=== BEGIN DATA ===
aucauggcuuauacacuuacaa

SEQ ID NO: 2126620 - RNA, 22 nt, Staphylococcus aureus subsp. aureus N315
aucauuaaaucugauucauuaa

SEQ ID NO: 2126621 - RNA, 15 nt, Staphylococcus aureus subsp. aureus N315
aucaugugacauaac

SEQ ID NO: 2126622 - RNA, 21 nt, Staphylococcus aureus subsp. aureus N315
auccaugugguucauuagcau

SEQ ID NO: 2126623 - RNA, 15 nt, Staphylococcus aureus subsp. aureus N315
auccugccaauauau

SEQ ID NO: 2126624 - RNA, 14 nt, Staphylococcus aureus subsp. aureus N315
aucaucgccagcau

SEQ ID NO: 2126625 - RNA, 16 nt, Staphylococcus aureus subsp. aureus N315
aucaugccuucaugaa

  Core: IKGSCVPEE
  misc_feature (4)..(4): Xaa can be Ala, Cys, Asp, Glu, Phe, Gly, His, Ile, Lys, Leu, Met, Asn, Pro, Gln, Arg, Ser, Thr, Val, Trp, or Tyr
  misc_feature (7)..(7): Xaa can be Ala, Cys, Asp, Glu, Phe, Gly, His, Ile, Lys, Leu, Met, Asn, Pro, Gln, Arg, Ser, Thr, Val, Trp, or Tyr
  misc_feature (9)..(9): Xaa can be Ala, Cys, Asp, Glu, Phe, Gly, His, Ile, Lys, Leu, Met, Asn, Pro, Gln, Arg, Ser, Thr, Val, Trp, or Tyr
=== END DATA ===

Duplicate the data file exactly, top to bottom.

aucauggcuuauacacuuacaa

SEQ ID NO: 2126620 - RNA, 22 nt, Staphylococcus aureus subsp. aureus N315
aucauuaaaucugauucauuaa

SEQ ID NO: 2126621 - RNA, 15 nt, Staphylococcus aureus subsp. aureus N315
aucaugugacauaac

SEQ ID NO: 2126622 - RNA, 21 nt, Staphylococcus aureus subsp. aureus N315
auccaugugguucauuagcau

SEQ ID NO: 2126623 - RNA, 15 nt, Staphylococcus aureus subsp. aureus N315
auccugccaauauau

SEQ ID NO: 2126624 - RNA, 14 nt, Staphylococcus aureus subsp. aureus N315
aucaucgccagcau

SEQ ID NO: 2126625 - RNA, 16 nt, Staphylococcus aureus subsp. aureus N315
aucaugccuucaugaa

  Core: IKGSCVPEE
  misc_feature (4)..(4): Xaa can be Ala, Cys, Asp, Glu, Phe, Gly, His, Ile, Lys, Leu, Met, Asn, Pro, Gln, Arg, Ser, Thr, Val, Trp, or Tyr
  misc_feature (7)..(7): Xaa can be Ala, Cys, Asp, Glu, Phe, Gly, His, Ile, Lys, Leu, Met, Asn, Pro, Gln, Arg, Ser, Thr, Val, Trp, or Tyr
  misc_feature (9)..(9): Xaa can be Ala, Cys, Asp, Glu, Phe, Gly, His, Ile, Lys, Leu, Met, Asn, Pro, Gln, Arg, Ser, Thr, Val, Trp, or Tyr